How to remember everything you learn in school

There are three types of memory, sensory memory, short-term memory and long-term memory. The sensory memory registers everything around us, which includes, everything within eyesight, taste, the things we hear and everything we feel. The first place our memories are stored is the Sensory memory. However, things in the sensory memory last less than a second.

The brain registers all these information automatically, even the things we may not be conscious about. The brain is made to remember things or events that are important to us longer, so when you pay attention to something, that thing moves from your sensory memory to your short-term memory. Things in this type of memory are directly under our control or easy to remember. Example, cramming at night for an exam the next day; when you make an extra effort to learn (pay attention to something), most of the things you learn would be stored in your short-term memory, making it easy to remember.

Short-term memory is also referred to as primary or active memory and can hold about seven pieces of information. The short-term memory usually comprises events over a period anywhere from 30 seconds to several days. Everything we see goes into the sensory memory first, but only the things we pay attention to are remembered in short-term memory. So it is easy to say we have already lost most of the memories of things we have seen today.

Just like the sensory memory, if one doesn’t make a conscious effort to remember, memories in the short-term memory will also be forgotten. The only things we truly remember are those memories that make it to the long-term memory. A very small percentage of things we perceive usually will ever make it into long-term memory. The long-term memory has a much greater capacity and contains things like facts and personal memories.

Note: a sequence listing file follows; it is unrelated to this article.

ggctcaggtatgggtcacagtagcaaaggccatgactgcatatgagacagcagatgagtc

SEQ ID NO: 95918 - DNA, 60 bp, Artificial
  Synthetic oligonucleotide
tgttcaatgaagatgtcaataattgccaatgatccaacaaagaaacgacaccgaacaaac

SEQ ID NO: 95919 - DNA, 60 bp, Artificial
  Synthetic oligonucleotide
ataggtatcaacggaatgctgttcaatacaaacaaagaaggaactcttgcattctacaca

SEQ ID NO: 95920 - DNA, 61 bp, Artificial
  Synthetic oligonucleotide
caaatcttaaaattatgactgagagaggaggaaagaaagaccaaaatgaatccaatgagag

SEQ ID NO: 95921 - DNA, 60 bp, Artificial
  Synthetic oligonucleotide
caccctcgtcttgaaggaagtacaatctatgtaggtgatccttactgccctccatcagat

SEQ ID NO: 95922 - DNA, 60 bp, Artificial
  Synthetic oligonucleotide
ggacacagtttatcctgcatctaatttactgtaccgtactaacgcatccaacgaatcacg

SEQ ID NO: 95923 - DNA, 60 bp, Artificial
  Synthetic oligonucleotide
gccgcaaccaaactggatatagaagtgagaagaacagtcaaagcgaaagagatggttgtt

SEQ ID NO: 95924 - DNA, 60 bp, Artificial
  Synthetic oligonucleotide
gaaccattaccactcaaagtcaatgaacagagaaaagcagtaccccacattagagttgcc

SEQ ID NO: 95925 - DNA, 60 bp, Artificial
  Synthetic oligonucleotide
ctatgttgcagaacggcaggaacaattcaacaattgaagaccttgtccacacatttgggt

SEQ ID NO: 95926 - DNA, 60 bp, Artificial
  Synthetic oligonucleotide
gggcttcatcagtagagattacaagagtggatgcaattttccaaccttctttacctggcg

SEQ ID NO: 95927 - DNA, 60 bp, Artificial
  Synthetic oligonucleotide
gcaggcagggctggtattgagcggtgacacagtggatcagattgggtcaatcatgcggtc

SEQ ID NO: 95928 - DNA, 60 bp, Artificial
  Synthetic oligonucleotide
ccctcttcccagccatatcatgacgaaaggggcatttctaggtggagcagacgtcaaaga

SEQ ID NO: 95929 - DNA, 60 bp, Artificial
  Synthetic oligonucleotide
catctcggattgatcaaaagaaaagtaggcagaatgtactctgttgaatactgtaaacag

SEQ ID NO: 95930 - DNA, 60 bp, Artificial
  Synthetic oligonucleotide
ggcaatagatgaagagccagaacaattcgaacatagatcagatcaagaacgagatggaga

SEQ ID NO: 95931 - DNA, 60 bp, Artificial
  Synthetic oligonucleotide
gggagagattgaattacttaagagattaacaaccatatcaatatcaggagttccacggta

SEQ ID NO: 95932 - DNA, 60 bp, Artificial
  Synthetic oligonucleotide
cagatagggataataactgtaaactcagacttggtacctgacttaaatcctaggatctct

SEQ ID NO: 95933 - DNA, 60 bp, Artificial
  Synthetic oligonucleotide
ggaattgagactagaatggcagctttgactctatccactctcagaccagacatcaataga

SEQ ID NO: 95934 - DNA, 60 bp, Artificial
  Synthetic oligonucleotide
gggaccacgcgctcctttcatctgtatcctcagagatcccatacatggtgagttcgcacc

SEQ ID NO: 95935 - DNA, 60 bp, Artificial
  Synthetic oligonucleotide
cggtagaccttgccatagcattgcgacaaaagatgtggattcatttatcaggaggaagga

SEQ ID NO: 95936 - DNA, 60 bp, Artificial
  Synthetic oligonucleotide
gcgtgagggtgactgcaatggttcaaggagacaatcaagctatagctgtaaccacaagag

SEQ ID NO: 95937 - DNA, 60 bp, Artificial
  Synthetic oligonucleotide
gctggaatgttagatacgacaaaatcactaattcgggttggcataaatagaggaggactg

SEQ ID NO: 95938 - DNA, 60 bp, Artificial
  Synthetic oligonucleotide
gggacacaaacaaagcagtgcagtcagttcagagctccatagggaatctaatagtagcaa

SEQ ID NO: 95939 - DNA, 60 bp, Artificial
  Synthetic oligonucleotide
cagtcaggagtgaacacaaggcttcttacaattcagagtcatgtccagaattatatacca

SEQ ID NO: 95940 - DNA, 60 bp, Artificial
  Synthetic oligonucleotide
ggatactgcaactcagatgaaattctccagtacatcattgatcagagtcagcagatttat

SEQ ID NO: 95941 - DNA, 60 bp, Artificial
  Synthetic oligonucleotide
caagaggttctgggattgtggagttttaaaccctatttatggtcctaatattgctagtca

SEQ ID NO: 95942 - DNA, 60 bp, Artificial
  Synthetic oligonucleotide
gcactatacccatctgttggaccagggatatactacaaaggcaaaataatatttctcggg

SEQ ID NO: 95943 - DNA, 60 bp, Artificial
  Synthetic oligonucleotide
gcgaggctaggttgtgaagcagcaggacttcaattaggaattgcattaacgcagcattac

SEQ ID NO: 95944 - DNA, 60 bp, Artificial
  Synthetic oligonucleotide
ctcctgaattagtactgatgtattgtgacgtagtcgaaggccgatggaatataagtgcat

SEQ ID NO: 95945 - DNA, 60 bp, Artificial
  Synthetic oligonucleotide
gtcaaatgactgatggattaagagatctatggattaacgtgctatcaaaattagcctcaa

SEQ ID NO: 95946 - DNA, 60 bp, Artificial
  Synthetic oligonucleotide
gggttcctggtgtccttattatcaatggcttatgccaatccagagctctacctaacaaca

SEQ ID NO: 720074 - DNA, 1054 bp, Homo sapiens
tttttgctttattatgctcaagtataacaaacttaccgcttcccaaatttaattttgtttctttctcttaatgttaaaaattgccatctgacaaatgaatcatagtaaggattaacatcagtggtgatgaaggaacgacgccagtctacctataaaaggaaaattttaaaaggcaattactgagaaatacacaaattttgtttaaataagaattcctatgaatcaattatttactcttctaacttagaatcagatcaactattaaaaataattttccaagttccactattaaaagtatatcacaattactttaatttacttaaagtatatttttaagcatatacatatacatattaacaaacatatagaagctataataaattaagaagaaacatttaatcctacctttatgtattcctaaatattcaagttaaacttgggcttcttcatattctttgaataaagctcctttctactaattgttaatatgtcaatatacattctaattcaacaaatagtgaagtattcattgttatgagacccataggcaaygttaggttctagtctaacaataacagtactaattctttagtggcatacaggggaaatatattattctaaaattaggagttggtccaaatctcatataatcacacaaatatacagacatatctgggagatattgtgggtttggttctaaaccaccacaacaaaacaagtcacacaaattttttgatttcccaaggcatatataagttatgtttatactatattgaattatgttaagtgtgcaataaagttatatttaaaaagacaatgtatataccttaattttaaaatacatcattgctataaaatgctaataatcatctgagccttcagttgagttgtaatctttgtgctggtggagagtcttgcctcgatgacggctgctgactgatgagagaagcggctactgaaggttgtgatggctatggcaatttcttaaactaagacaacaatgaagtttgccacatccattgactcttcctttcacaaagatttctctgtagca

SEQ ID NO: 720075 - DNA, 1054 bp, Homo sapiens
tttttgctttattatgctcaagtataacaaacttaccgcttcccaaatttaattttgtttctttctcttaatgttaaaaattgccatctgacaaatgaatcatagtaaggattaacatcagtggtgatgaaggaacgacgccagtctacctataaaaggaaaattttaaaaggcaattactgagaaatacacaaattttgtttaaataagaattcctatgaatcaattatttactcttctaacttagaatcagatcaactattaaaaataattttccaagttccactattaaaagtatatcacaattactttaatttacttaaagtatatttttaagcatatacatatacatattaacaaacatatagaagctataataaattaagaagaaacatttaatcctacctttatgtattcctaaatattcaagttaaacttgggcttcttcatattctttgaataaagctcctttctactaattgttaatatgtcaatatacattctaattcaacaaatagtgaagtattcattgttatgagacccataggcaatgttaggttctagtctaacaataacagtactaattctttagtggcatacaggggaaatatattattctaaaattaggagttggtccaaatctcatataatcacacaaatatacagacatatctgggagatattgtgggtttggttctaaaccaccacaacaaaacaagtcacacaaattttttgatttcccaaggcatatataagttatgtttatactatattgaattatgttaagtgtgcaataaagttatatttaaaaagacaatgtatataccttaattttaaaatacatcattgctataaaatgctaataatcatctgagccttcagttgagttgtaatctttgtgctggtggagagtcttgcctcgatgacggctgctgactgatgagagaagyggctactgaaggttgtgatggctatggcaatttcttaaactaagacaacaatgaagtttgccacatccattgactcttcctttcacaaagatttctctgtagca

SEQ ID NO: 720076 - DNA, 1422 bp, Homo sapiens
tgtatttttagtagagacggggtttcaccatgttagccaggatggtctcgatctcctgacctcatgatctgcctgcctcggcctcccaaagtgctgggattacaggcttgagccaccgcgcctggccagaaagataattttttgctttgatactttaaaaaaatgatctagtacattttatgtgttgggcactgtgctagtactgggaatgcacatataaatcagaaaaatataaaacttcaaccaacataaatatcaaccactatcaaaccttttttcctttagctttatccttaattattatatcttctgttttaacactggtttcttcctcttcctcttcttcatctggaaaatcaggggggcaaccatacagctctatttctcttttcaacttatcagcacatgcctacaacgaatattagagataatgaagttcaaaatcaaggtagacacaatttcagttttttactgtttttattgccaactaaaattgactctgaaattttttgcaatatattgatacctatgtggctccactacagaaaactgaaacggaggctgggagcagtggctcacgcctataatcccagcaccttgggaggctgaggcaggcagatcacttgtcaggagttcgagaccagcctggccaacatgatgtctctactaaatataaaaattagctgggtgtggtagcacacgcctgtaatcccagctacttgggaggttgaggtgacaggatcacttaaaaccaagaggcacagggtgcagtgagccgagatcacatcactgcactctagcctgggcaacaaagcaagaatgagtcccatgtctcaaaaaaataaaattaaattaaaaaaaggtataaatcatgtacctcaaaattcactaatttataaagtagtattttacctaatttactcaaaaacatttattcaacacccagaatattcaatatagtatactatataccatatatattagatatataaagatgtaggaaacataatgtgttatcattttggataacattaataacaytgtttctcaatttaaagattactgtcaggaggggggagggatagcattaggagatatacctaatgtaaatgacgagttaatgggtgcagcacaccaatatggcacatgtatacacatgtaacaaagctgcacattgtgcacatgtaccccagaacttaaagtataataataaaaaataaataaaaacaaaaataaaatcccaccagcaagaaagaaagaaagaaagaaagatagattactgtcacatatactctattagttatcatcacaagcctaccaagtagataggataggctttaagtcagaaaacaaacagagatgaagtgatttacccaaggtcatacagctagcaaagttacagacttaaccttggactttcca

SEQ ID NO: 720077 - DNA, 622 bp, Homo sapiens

Every important thing that happens during every important event in our day or lives is registered to memory. The ones which are not important are discarded from our memory. This part of our memory is the subconscious memory rather than the conscious memory. Every instance of memory stored in the subconscious mind can be remembered, but unless triggered by a similar event, taste, smell, song, familiarity, Déjà vu etc, in order to bring the memory back into the conscious memory.

For new memory to form, information is changed into a suitable form and the process is known as encoding. The encoded information is then stored in the memory until it is needed for use. The process of retrieval makes it possible for us to bring into are consciousness stored information, hence remembering recent or past events.

We also tend to forget what we learn because of the following reasons;

  1. Failure to register clearly
  2. Inability to retain what has been registered and
  3. Failure to accurately retrieve the memory.

In short, when you forget what you learn, it simply means one did not succeed in encoding or one was distracted in the process of encoding or one has a problem retrieving it. Our sensory memory registers everything we sense around. However, things in this memory only lasts less than a second.

The brain is held together to retain things of importance longer. So, the more attention we give something, it moves from the sensory memory to short term memory.  Things in the short-term memory are easy to remember. Therefore, we can make a conscious effort to retain things somehow longer in the short-term memory by constant practice or repetition. Please note: once something leaves the short-term memory, it is gone forever

Not every single thing we see is stored into memory, since this would mean that the brain is being filled with unnecessary information. We see so much on a daily, considering the fact that our environment is a big place, and a lot of things are happening all around us, every second, every minute, every hour, but it’s not everything we see that we remember, as that depends on how our individual brains work on remembering. Each individual has their own ways and means to remember things or events, we all have our trigger buttons that we need to push when need be. It’s a skill we can develop by practicing, but it is still difficult to remember every single thing we see. That mostly depends on where we give our attention to.

School is no less an environment, we are constantly expected to remember everything being taught in class, save them to memory, and recall it at will. This is not always easy, but by understanding how our brain works, we can use that information to our advantage and manipulate it to suit us.

Research source: Wikipedia

A. CleDre

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Semih Durmuş

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Semih Durmuş